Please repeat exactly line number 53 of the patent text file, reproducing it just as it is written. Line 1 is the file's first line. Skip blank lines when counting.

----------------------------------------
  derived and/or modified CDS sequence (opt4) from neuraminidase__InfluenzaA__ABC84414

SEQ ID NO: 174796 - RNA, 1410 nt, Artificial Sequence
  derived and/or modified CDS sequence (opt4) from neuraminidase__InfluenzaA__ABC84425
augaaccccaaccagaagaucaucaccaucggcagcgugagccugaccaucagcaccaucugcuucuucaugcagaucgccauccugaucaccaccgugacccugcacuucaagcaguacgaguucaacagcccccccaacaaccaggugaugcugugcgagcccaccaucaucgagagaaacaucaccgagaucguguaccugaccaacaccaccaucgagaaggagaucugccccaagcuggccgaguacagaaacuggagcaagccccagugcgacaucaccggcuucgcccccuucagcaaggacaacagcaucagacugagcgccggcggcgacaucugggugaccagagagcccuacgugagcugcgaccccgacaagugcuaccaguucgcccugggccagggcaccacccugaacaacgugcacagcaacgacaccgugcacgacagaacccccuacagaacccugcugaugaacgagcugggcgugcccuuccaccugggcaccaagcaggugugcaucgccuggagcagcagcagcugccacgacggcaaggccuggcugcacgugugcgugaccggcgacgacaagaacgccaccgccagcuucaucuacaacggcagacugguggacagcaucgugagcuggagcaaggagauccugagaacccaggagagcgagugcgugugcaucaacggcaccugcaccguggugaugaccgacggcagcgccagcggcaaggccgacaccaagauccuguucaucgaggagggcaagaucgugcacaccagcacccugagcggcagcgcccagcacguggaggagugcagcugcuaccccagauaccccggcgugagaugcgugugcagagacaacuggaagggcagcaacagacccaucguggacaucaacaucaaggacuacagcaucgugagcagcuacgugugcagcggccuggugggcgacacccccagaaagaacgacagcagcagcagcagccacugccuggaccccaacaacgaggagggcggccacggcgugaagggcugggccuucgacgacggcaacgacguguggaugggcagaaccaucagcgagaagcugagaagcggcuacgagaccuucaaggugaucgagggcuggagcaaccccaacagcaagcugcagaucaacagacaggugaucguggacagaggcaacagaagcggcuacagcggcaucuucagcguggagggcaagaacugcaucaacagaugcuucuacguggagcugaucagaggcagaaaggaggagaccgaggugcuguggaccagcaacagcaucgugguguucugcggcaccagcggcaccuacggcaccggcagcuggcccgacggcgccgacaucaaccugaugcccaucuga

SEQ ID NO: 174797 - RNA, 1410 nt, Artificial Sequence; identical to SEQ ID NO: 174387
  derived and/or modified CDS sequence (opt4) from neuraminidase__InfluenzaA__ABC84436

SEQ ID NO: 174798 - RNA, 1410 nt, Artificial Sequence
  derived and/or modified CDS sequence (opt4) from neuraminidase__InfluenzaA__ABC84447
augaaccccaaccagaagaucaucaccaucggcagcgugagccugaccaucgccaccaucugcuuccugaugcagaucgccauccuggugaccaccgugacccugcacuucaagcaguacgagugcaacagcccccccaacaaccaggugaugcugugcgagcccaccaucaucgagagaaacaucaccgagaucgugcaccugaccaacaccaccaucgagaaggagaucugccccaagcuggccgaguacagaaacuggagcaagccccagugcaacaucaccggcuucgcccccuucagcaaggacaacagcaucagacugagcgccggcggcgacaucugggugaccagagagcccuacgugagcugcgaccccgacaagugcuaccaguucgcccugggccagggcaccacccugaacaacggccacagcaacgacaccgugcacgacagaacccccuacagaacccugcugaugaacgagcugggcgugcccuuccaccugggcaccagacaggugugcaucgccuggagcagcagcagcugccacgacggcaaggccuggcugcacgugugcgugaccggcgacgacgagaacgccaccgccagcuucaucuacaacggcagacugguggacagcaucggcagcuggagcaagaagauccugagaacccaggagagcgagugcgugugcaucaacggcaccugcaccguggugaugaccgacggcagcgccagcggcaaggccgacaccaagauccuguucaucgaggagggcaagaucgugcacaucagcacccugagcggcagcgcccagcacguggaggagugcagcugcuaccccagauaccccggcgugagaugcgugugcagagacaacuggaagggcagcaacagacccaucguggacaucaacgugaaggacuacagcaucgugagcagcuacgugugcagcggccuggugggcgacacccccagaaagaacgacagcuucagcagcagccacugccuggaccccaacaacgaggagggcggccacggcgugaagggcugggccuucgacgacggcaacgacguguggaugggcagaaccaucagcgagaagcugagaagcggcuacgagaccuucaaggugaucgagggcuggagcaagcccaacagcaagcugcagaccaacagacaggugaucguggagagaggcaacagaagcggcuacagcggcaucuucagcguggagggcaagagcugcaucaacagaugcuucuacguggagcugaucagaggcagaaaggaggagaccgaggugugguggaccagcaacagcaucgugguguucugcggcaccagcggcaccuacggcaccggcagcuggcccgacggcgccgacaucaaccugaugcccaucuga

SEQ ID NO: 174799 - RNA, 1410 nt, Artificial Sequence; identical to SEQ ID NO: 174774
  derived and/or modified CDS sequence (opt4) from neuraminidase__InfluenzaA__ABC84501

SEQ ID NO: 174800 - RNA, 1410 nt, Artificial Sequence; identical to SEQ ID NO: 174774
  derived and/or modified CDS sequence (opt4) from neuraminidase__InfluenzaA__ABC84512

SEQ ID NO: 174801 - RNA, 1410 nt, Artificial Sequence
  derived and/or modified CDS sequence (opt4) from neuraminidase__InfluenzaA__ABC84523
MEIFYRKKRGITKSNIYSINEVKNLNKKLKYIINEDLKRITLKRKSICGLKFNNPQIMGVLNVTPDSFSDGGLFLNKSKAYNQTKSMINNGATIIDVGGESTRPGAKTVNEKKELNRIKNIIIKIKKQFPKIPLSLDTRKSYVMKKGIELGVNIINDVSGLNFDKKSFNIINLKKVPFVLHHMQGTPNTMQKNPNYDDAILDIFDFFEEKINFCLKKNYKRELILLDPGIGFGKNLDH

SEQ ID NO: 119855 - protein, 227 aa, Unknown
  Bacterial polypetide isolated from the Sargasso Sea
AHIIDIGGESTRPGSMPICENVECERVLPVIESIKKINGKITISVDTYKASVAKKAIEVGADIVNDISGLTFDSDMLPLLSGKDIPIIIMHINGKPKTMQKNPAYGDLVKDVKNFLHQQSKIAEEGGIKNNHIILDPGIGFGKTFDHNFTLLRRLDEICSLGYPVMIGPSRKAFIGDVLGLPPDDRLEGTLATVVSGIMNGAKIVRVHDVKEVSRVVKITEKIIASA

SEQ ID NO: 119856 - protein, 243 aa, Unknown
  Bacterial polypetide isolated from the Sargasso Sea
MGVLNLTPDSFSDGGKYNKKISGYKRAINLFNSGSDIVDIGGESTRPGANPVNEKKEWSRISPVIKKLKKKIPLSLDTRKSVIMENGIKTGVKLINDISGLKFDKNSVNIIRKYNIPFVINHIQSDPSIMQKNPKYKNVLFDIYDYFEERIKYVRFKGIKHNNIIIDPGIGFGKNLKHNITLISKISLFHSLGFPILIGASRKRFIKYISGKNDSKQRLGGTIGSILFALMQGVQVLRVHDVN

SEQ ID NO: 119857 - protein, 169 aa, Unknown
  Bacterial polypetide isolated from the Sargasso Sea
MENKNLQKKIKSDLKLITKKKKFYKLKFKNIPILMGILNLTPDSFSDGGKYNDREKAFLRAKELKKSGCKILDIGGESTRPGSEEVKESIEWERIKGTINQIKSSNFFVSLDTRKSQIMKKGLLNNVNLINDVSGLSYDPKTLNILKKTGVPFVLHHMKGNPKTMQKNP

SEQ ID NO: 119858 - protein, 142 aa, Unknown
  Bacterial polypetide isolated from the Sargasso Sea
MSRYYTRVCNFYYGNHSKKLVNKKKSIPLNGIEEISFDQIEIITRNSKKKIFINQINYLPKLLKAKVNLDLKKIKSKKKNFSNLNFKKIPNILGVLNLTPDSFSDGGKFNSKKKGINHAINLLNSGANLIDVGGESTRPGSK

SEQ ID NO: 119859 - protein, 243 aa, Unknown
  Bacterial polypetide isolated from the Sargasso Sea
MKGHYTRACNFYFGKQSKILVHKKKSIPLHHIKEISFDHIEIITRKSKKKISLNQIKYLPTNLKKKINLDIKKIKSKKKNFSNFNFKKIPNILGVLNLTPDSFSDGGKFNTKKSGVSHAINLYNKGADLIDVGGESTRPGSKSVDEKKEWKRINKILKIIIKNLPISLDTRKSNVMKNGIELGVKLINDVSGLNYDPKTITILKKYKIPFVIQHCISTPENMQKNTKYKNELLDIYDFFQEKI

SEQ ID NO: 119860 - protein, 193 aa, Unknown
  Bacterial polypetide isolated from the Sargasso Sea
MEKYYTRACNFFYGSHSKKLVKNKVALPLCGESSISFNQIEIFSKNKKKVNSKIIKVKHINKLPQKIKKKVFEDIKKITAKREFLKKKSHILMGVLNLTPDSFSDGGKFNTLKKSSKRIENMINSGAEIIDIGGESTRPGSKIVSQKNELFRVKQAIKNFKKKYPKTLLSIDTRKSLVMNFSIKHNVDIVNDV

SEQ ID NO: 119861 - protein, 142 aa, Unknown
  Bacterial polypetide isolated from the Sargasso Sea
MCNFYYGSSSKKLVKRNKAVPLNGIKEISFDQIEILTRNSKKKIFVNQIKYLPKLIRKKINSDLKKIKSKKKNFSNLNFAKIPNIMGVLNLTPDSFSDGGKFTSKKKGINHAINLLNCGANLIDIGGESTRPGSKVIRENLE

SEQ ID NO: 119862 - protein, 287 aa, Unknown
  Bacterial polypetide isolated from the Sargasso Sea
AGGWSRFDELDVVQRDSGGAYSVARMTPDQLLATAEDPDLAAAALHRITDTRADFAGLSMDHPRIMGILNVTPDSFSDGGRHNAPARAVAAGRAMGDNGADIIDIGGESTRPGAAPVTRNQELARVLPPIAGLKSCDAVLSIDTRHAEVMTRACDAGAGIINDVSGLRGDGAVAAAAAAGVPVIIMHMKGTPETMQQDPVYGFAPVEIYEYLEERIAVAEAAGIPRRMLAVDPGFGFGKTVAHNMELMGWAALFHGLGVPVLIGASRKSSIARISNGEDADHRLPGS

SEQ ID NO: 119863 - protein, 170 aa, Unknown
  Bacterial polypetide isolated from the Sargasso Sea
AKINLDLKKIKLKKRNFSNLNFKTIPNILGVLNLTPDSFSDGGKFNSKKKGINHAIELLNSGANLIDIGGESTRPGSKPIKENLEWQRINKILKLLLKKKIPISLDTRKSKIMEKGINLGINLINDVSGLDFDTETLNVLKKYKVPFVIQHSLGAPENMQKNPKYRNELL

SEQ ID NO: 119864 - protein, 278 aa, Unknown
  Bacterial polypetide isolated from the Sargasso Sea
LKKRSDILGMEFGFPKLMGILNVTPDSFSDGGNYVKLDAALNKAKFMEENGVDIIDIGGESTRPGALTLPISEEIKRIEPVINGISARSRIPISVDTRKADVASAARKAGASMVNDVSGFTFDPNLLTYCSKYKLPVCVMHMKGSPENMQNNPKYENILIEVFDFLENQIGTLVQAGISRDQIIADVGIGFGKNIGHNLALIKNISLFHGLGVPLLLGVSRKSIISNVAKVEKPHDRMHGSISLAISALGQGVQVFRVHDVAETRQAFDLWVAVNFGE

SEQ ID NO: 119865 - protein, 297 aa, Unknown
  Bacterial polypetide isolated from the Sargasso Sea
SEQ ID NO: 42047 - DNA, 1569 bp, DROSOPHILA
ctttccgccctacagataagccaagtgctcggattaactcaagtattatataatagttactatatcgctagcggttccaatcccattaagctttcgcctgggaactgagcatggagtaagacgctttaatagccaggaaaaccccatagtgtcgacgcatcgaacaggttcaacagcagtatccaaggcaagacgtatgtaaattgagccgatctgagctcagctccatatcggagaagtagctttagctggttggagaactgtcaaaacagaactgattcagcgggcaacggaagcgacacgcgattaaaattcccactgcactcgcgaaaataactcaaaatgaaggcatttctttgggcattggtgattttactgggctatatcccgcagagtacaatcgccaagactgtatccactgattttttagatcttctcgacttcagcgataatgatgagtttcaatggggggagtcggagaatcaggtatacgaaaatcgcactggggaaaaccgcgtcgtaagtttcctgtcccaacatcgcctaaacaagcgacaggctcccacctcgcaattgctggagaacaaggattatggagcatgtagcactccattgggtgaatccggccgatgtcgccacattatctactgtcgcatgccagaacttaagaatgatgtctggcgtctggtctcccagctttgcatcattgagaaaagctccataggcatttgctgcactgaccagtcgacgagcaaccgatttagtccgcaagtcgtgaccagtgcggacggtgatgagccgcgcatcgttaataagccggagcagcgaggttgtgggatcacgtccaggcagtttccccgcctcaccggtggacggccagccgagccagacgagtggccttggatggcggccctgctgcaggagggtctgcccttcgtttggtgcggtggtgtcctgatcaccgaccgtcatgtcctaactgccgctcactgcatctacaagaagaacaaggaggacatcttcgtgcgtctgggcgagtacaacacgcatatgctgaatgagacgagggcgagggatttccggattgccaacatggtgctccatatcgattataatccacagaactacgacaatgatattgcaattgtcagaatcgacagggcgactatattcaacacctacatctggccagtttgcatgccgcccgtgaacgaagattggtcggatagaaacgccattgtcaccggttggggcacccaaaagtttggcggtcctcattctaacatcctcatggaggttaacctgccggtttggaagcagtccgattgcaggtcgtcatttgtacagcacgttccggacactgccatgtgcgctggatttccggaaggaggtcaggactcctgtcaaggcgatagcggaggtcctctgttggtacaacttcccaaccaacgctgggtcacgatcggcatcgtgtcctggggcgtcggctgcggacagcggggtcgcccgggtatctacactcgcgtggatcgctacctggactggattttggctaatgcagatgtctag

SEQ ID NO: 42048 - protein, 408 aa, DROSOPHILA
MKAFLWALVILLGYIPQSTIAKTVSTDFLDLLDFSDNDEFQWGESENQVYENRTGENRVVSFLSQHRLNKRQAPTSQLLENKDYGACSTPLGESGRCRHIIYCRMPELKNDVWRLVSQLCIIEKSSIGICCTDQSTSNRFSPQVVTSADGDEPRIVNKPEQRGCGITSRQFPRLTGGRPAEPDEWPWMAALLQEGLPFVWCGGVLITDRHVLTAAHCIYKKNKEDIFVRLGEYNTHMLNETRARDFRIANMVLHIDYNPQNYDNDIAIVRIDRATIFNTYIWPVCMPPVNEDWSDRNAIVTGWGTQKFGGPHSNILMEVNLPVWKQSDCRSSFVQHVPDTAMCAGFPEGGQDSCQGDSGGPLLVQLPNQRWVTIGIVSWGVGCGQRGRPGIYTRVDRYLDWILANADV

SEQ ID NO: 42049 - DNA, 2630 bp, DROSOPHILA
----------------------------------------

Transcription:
SEQ ID NO: 42049 - DNA, 2630 bp, DROSOPHILA